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Wall St stumbles as virus fears mount

Stephen Culp

Wall Street fell in a broad sell-off on Friday, as investors fled equities on growing concerns over the scope of the coronavirus outbreak, capping the S&P 500's worst week in six months.

All three major US stock averages turned sharply negative, with the S&P 500 seeing its biggest one-day percentage drop in over three months after the Centre for Disease Control and Prevention confirmed the second case of the virus on US soil, this time in Chicago.

S&P 500 and Dow wrapped up their worst week since August and the Nasdaq snapped a six-week winning streak.

Market participants kept a wary eye on developments surrounding the coronavirus, which the World Health Organisation (WHO) deemed "an emergency in China," having now killed 26 people and infected more than 800 on the eve of the Lunar New Year holiday.

"Markets hate uncertainty and the virus has been enough to inject uncertainty in the markets," said David Carter, chief investment officer at Lenox Wealth Advisors in New York.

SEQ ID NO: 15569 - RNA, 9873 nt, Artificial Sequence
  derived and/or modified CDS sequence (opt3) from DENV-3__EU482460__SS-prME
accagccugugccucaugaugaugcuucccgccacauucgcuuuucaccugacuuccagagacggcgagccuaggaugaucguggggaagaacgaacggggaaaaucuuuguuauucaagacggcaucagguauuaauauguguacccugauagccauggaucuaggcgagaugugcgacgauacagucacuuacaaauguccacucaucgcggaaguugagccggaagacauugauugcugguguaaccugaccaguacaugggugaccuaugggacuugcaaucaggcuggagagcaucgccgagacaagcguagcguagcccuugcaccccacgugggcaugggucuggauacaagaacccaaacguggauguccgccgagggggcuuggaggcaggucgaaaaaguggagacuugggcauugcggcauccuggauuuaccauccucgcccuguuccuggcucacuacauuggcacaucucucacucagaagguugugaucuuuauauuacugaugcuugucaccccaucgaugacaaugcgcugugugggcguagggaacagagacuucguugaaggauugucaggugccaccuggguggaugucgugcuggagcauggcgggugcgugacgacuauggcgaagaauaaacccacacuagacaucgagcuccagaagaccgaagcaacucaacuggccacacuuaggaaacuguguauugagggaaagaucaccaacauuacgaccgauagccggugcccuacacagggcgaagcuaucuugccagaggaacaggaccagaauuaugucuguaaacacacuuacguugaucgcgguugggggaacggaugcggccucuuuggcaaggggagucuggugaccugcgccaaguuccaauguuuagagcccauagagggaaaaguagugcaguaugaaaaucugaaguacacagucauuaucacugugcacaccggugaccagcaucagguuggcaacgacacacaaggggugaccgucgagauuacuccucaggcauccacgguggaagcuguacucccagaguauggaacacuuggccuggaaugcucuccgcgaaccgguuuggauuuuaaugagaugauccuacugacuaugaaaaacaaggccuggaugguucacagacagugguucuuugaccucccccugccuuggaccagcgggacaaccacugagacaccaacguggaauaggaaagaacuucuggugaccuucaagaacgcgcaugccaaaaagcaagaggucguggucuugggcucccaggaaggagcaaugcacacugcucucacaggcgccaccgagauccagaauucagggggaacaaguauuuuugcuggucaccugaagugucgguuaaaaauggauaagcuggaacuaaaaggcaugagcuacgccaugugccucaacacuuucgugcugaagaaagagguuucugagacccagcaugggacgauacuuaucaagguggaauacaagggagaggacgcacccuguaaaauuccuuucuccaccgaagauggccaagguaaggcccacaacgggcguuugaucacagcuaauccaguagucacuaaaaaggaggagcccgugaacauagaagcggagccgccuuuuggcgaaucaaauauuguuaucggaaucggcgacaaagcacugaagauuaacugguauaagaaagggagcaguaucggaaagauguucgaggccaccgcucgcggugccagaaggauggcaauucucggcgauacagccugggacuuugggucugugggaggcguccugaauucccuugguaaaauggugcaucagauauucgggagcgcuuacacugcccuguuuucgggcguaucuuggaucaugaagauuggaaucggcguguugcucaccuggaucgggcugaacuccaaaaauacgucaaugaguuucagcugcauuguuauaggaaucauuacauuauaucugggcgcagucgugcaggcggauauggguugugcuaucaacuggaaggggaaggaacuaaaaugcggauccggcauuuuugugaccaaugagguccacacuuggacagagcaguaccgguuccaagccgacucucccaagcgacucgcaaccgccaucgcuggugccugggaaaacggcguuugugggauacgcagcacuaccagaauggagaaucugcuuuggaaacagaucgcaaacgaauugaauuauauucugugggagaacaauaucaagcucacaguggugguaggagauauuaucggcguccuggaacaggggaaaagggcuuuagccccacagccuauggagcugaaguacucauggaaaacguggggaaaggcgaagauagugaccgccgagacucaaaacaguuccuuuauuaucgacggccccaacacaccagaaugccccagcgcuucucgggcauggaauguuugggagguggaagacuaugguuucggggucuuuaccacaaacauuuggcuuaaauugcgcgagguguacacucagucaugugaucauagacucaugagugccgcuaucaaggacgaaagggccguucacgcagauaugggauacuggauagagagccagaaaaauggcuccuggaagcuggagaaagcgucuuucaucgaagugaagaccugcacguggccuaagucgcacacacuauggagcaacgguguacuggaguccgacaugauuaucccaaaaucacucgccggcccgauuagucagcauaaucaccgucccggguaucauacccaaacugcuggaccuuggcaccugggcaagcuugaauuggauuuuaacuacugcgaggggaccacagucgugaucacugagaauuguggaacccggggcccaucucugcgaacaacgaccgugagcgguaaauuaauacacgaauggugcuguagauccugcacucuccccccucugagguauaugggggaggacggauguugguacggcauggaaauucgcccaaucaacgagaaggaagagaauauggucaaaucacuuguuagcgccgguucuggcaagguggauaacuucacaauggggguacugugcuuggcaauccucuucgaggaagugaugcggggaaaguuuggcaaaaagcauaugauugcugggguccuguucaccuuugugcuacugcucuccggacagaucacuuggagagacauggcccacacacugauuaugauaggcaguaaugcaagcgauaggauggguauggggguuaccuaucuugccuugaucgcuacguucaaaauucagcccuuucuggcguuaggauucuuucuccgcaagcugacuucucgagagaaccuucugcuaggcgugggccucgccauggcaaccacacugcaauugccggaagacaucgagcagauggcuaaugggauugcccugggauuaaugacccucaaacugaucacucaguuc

But some analysts believe the investors were looking for a reason to take money off the table.

"The virus is really more an excuse to take profits right now," said Sam Stovall, chief investment strategist of CFRA Research in New York.

Paul Nolte, portfolio manager at Kingsview Asset Management in Chicago, agreed. "The markets are expensive and were looking for a reason to go down, and (the virus) is the excuse to do it."

Intel Corp's stock surged 8.1 per cent after reporting jumps in data centre and cloud computing revenue and forecasting better-than-expected 2020 earnings.

Consumer credit company American Express benefited from a robust US retail sales environment, posting a better-than-expected 9 per cent annual revenue increase. Its stock advanced 2.8 per cent.

Fourth-quarter reporting season is well under way, with 74 companies in the S&P 500 having reported, 68.2 per cent of which have beaten Wall Street estimates.

Analysts now expect earnings to have contracted by 0.5 per cent, on aggregate, in the October to December quarter.

Next week, a swarm of closely watched results are expected, notably from Apple, McDonald's, Starbucks, Tesla, Amazon.com, Boeing, Facebook and Caterpillar, among others.

The Dow Jones Industrial Average fell 170.36 points, or 0.58 per cent, to 28,989.73, the S&P 500 lost 30.09 points, or 0.90 per cent, to 3,295.45 and the Nasdaq Composite dropped 87.57 points, or 0.93 per cent, to 9,314.91.

Of the 11 major sectors in the S&P 500, all but utilities ended the session in the red, with healthcare and financial suffering the largest percentage losses.

Declining issues outnumbered advancing ones on the NYSE by a 2.33-to-1 ratio; on Nasdaq, a 2.94-to-1 ratio favoured decliners.

Volume on US exchanges was 7.96 billion shares, compared with the 7.13 billion average over the last 20 trading days.